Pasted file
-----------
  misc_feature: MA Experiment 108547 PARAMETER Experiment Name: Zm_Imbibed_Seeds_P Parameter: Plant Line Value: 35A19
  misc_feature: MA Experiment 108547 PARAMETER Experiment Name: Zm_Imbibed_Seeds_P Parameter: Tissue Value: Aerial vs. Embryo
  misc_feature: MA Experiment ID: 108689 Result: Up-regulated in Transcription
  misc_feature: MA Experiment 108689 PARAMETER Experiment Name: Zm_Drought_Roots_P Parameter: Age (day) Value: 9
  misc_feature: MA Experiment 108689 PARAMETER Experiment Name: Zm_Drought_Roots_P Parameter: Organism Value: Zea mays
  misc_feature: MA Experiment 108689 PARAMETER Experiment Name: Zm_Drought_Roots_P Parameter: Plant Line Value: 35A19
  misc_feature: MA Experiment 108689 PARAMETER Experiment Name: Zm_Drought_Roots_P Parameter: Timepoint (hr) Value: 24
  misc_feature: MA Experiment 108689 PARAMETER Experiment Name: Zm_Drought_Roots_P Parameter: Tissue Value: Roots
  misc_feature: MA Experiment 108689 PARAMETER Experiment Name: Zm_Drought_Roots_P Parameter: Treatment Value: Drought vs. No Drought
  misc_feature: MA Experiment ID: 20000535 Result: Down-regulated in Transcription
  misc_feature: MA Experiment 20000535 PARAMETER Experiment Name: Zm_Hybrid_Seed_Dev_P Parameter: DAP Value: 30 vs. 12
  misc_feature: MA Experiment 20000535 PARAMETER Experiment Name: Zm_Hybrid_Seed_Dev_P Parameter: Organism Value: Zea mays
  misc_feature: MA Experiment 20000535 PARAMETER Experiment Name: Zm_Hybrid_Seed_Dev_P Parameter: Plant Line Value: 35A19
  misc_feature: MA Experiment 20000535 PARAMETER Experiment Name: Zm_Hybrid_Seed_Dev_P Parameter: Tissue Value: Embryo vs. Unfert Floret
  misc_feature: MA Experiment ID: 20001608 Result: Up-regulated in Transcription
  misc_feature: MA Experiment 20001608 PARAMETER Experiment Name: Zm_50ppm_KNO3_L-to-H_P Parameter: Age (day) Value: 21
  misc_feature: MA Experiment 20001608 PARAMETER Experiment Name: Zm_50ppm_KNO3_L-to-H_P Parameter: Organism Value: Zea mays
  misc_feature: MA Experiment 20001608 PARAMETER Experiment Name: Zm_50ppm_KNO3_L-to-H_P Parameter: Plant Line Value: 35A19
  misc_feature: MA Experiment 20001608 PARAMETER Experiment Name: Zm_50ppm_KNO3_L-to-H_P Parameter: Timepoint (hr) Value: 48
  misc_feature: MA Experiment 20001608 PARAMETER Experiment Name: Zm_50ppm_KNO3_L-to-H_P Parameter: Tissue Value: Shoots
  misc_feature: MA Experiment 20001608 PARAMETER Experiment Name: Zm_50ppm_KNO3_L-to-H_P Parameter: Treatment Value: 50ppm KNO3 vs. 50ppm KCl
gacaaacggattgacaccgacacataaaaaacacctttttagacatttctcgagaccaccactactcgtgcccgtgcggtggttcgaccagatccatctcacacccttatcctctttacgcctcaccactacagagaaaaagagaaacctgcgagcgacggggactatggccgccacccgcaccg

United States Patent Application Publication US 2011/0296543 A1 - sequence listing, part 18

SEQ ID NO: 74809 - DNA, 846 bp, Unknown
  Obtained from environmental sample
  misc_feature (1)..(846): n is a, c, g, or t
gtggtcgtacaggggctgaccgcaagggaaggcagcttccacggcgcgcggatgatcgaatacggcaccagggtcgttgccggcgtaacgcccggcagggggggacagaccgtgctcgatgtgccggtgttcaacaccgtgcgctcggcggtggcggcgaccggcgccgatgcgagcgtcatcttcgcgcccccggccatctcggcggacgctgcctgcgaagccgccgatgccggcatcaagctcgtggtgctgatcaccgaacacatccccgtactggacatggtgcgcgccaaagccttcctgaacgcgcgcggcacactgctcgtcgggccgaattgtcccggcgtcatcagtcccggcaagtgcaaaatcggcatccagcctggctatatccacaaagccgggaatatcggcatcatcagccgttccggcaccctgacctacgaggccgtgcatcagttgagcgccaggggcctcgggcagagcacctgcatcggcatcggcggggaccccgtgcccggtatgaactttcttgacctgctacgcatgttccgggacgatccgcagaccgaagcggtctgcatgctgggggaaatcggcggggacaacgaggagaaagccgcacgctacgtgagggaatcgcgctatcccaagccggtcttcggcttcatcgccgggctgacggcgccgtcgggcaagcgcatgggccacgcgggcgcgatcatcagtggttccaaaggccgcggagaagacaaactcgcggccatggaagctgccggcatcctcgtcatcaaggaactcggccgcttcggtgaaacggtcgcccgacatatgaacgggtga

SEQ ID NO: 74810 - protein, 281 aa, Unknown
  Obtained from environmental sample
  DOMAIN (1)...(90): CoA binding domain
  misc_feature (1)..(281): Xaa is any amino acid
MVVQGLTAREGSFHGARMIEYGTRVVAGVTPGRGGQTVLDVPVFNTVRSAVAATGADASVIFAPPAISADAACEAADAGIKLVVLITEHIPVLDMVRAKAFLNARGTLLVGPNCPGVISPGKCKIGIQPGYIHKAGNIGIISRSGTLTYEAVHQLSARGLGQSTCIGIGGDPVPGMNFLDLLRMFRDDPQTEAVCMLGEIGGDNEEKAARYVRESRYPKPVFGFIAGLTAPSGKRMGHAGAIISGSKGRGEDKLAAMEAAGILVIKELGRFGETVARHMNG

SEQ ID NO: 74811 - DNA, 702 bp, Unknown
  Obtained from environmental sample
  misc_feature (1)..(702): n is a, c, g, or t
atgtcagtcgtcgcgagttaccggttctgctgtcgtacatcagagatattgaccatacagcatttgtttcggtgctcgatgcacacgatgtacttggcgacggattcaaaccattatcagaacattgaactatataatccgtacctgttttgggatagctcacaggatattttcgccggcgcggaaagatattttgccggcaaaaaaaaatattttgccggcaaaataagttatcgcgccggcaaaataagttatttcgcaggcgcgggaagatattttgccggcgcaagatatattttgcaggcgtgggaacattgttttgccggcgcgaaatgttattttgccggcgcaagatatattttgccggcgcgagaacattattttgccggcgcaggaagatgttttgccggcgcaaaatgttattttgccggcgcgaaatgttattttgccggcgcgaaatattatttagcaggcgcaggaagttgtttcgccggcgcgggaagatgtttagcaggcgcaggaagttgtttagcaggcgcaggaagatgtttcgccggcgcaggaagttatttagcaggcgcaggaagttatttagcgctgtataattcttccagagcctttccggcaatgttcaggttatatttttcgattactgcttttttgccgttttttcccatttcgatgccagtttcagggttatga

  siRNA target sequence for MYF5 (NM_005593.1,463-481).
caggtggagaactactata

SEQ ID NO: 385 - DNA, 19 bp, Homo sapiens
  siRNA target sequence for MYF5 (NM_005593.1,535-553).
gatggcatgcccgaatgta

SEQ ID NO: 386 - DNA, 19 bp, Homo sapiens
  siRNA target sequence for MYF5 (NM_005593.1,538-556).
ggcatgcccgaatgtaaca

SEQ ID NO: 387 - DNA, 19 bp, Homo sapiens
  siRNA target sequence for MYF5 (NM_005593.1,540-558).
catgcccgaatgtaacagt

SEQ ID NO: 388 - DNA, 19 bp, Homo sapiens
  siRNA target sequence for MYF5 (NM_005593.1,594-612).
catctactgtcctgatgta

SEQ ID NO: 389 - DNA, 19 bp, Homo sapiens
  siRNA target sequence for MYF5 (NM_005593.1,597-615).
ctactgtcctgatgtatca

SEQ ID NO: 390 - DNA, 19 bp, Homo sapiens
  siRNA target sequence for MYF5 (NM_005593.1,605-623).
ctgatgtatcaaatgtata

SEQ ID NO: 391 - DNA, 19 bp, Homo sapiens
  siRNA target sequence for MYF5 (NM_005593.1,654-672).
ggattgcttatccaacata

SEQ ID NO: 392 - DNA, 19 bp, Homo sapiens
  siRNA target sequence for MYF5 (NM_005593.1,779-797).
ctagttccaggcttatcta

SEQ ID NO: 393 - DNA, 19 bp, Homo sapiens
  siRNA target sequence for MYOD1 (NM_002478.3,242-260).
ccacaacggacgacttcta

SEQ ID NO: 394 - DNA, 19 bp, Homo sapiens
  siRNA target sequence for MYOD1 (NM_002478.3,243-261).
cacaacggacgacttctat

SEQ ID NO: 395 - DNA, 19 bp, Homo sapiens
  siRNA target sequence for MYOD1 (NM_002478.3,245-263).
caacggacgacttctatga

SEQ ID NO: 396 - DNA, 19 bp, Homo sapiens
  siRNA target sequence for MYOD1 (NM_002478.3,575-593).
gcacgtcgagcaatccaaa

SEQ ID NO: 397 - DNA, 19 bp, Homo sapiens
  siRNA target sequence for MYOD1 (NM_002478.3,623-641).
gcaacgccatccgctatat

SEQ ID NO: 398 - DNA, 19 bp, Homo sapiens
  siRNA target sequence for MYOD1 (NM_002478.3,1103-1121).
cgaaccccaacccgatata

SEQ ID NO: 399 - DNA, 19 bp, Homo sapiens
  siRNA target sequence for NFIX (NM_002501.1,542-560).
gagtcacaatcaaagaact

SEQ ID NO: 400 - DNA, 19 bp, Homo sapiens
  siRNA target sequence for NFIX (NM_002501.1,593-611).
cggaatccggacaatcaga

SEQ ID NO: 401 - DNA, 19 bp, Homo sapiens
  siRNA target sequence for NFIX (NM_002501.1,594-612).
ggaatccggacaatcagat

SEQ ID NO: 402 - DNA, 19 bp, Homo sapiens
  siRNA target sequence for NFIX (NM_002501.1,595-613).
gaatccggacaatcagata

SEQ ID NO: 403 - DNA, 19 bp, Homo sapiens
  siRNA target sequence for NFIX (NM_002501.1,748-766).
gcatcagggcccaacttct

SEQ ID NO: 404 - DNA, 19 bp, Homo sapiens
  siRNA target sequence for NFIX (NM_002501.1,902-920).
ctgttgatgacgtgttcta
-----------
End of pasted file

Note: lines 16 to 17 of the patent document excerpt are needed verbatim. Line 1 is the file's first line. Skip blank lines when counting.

  misc_feature: MA Experiment 20001608 PARAMETER Experiment Name: Zm_50ppm_KNO3_L-to-H_P Parameter: Age (day) Value: 21
  misc_feature: MA Experiment 20001608 PARAMETER Experiment Name: Zm_50ppm_KNO3_L-to-H_P Parameter: Organism Value: Zea mays